|PR & Marketing Tips - How Race Promoters Can Deliver
by Rhonda Mims-Brown
Many race promoters are missing the boat when it comes to fulfilling all responsibilities associated with running a race. This segment in our PR & Marketing Tips series focuses on one of the ways promoters can deliver on two of the biggest complaints today in karting without a great deal of effort.
What are the two major aspects racers expect and are seldom delivered by promoters? Event spectators and news follow up. Many businesses and promoters in karting will admit to being overloaded with work, barely getting the tasks involved with running a race accomplished. With entry fees and profit levels increasing, racers expect and deserve more than just track time and a trophy for their money. What Iíve noticed as a primary lack from promoters is their focus on gaining pre-event publicity outside of the karting industry that can be key to bringing in spectators. Thereís also a lack of event public relations follow up through submissions of news and results to the general karting media. This segment will focus on the spectator aspects and the techniques of race follow up will unveil in a future segment.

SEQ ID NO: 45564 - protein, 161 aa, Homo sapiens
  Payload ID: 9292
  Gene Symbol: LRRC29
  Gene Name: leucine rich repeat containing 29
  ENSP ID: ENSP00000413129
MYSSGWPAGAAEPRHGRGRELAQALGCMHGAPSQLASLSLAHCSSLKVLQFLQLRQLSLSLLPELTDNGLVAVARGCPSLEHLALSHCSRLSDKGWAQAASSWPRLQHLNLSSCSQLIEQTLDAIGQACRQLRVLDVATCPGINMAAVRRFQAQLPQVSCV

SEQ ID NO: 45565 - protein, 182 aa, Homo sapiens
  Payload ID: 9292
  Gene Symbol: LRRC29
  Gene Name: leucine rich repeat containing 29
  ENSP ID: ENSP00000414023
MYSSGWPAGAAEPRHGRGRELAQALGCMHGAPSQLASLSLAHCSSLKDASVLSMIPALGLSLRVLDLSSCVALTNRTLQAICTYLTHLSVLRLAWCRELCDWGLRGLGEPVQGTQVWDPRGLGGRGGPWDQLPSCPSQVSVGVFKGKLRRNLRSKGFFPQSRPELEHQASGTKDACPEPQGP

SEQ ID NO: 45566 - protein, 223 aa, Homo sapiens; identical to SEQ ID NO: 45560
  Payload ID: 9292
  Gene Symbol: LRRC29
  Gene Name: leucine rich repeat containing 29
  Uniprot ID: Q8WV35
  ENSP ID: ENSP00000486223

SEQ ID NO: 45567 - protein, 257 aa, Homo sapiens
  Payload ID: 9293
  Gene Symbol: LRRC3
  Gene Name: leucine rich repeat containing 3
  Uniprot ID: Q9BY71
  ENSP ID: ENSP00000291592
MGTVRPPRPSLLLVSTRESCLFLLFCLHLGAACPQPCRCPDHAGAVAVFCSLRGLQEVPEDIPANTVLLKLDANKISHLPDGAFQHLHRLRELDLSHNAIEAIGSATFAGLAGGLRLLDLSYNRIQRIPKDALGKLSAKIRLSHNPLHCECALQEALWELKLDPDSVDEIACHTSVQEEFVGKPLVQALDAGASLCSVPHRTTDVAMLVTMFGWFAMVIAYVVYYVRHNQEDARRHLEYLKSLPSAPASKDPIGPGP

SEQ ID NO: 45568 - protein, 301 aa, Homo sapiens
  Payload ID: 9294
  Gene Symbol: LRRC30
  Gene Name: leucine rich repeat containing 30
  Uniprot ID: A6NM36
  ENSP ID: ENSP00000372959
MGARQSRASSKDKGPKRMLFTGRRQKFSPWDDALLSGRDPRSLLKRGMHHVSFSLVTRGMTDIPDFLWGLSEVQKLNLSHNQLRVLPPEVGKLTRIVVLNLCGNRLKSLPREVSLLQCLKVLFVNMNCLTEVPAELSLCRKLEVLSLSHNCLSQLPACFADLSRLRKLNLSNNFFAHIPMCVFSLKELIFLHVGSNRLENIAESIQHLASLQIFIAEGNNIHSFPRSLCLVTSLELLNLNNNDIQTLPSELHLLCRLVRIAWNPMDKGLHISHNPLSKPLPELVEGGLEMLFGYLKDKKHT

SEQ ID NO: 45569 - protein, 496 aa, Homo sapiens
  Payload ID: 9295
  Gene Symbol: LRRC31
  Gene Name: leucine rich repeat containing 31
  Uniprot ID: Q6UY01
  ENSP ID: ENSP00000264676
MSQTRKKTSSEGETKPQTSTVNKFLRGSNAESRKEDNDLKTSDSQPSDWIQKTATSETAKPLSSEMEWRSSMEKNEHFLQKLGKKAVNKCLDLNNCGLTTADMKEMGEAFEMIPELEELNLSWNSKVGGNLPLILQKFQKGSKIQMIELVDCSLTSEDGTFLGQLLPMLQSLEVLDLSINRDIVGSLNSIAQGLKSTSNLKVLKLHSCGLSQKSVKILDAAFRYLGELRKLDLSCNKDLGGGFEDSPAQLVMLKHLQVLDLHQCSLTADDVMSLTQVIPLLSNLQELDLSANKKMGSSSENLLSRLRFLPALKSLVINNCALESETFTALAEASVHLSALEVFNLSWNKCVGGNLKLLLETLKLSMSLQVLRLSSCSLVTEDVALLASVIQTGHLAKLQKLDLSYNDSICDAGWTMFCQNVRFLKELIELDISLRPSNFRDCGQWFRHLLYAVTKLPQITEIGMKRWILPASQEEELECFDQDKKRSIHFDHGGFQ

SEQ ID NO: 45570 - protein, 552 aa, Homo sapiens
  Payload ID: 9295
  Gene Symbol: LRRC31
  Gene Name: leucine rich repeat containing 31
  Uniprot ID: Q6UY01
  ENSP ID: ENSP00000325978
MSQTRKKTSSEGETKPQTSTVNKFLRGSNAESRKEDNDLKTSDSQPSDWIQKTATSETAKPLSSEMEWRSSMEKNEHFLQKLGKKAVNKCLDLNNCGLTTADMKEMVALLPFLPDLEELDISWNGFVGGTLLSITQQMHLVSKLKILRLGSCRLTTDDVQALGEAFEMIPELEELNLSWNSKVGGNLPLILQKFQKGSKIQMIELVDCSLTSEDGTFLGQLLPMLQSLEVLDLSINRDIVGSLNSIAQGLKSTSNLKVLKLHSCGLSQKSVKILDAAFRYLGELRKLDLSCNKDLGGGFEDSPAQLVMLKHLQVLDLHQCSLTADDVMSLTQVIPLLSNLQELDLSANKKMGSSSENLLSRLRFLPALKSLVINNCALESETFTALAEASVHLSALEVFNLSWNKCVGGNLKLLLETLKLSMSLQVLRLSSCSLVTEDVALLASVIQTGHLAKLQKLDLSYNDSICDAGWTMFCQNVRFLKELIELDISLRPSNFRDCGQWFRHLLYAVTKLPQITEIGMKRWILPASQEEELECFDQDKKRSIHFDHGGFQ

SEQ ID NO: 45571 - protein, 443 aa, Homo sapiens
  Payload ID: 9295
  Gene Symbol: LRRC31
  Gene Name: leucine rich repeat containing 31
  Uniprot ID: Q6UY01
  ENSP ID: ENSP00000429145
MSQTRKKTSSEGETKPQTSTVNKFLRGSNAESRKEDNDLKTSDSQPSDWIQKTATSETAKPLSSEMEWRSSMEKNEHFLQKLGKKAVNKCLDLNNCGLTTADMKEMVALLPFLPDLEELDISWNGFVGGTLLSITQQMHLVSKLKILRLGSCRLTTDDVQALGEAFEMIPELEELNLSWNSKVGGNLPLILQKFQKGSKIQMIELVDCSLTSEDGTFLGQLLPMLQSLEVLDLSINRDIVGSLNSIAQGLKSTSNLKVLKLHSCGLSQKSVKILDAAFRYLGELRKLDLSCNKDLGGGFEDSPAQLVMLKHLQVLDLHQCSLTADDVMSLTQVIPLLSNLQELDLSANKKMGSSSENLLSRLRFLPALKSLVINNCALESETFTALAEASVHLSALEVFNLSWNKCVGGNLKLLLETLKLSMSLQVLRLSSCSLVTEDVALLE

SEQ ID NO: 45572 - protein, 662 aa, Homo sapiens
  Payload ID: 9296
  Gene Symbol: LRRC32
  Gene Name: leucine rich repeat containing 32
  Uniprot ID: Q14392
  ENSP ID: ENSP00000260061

We receive numerous news releases pertaining to events Ė all geared to get the racer to their event. Even from the most top notch of series promoters, what Iíve noticed from the news releases is an oversight in sending this news to media outside of karting. Although most news releases are written and geared to the karting community, taking the time to format a simple news release geared to the general public about karting and an event can be rewarding. It can benefit the promoterís check book, the dealers and sponsors associated with an event and appease the racers who crave a grandstand filled people from outside of karting.
Letís examine easy ways for a promoter to deliver on the spectator aspects:
Bringing in the Spectators
| A spectator base like this one shown would be the envy of all promoters|